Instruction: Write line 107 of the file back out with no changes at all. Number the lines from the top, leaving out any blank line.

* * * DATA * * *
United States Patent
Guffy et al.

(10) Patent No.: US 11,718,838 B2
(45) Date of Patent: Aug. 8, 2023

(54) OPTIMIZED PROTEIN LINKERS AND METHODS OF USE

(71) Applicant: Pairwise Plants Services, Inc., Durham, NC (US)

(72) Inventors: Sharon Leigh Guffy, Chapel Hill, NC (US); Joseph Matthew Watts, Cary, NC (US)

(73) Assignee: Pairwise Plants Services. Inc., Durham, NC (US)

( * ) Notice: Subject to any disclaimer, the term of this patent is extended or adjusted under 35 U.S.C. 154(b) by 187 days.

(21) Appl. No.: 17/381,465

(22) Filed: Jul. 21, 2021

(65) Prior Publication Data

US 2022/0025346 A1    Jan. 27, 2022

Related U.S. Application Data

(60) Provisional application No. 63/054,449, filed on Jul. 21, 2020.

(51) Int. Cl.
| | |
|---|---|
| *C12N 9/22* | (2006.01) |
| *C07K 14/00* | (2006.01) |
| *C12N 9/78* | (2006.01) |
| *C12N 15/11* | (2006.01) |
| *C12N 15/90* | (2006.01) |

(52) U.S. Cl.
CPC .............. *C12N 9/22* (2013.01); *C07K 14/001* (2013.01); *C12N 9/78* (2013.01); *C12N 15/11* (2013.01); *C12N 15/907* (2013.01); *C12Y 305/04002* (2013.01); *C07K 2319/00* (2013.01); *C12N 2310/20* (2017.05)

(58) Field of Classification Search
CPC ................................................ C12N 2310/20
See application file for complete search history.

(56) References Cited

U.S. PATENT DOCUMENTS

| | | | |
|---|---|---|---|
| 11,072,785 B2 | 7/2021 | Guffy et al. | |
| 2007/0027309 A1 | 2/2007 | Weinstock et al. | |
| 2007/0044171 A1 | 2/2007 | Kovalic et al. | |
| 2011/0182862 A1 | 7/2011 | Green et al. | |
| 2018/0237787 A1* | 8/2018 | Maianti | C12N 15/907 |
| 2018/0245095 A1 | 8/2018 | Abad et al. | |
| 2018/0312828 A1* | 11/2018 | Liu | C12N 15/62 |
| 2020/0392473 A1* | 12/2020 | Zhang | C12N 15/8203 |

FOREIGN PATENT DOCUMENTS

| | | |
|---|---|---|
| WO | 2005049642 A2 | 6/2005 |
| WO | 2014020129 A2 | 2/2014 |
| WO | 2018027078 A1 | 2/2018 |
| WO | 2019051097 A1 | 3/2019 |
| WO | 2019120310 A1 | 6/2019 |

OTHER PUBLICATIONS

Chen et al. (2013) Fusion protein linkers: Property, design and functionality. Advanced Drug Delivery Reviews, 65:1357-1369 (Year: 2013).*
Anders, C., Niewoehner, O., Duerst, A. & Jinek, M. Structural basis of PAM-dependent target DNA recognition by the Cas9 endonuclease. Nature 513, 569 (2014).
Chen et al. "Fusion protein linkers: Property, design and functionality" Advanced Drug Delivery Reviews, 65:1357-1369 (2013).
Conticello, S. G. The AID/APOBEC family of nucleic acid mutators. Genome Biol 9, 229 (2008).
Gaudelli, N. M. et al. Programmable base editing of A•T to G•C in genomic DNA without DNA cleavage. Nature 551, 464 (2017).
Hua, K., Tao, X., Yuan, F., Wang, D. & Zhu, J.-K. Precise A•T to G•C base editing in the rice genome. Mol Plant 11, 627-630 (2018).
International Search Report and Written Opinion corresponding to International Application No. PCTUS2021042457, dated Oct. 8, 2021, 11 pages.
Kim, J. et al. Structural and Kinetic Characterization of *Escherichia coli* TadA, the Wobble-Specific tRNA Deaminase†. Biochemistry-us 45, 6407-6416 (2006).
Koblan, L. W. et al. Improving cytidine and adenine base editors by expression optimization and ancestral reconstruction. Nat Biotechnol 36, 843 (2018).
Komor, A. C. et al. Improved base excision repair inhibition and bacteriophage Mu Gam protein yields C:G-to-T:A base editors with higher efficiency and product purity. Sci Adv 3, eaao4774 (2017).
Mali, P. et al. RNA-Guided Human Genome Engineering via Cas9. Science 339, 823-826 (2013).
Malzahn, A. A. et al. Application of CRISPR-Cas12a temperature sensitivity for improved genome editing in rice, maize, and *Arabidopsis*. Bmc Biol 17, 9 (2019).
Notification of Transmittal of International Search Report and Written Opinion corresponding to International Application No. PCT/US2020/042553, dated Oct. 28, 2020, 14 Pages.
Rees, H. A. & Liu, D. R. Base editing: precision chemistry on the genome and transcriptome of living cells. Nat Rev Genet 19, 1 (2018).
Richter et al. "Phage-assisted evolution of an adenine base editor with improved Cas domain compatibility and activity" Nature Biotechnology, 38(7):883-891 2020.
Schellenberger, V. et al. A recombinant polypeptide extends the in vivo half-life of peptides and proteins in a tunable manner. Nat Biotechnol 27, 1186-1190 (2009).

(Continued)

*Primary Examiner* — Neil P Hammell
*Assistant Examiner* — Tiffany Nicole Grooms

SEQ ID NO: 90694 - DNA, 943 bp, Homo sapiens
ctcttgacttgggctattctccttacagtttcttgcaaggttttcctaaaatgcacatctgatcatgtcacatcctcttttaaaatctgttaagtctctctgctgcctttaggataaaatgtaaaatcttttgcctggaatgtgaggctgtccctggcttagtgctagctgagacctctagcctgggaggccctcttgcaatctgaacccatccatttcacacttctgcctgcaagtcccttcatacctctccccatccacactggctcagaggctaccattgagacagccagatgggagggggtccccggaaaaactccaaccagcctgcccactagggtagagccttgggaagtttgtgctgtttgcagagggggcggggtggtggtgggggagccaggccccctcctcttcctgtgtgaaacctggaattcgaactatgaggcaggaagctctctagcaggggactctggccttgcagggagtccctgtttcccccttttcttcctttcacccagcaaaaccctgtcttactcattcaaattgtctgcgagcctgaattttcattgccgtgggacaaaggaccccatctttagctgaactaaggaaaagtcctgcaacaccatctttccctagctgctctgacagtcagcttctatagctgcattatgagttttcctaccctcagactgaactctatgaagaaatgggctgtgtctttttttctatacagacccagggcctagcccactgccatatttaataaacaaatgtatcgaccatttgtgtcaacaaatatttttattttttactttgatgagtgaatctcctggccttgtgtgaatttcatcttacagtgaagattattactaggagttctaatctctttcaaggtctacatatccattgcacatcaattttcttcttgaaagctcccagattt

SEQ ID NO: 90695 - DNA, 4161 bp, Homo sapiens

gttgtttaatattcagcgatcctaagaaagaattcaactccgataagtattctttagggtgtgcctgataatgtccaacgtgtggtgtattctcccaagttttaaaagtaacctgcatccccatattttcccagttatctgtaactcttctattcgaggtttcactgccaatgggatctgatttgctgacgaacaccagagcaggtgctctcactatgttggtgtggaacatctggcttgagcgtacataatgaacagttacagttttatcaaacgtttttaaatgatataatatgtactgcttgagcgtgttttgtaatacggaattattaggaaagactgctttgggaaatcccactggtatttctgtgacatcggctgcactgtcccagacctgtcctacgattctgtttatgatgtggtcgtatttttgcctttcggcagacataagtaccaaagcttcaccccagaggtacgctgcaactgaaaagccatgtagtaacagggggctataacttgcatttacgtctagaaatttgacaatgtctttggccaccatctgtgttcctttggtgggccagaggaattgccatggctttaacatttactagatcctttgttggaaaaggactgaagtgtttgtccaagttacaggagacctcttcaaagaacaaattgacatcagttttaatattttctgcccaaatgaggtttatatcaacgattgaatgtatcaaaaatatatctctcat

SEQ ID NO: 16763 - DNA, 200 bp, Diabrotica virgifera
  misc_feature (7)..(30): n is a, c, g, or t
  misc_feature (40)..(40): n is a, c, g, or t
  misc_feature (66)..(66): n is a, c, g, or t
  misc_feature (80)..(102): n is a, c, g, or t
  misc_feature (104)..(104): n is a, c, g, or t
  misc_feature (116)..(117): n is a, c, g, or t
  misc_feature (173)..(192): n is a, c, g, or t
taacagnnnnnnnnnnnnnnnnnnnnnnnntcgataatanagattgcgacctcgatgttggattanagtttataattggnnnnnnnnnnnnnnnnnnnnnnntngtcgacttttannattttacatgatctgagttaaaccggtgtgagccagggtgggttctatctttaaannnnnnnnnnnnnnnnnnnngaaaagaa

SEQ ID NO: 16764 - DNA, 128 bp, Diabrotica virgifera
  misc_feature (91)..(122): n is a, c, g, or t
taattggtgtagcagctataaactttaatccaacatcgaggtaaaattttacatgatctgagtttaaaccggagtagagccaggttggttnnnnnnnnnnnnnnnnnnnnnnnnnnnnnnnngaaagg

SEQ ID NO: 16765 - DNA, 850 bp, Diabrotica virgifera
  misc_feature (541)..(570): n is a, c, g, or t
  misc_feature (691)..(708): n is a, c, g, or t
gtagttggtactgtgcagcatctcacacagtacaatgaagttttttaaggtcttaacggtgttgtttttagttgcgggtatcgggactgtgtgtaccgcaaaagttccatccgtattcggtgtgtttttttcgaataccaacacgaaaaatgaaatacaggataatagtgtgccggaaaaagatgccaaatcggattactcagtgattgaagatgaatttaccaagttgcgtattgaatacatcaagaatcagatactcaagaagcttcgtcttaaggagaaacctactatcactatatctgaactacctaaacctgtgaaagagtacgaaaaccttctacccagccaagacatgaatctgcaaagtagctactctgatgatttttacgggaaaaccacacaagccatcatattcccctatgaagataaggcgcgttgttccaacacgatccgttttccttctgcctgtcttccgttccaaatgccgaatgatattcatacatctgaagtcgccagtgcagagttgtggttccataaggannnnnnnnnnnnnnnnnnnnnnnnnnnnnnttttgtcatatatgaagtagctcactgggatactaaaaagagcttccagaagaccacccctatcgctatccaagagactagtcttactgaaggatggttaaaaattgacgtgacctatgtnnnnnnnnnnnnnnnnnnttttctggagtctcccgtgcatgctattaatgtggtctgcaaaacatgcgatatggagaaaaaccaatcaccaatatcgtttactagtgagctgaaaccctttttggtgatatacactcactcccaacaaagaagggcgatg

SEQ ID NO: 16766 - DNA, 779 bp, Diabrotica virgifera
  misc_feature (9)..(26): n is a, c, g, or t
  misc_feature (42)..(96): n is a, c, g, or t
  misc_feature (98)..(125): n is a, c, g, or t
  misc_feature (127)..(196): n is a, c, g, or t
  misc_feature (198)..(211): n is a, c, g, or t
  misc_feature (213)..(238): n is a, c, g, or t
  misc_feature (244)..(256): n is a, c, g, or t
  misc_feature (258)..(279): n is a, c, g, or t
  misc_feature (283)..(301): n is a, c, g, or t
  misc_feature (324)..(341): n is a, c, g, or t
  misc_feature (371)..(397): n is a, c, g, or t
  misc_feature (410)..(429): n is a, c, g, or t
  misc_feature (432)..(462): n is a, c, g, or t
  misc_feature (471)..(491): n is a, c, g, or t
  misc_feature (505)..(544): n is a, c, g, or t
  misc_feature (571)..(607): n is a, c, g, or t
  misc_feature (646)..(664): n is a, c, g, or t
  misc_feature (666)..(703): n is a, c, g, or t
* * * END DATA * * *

  misc_feature (666)..(703): n is a, c, g, or t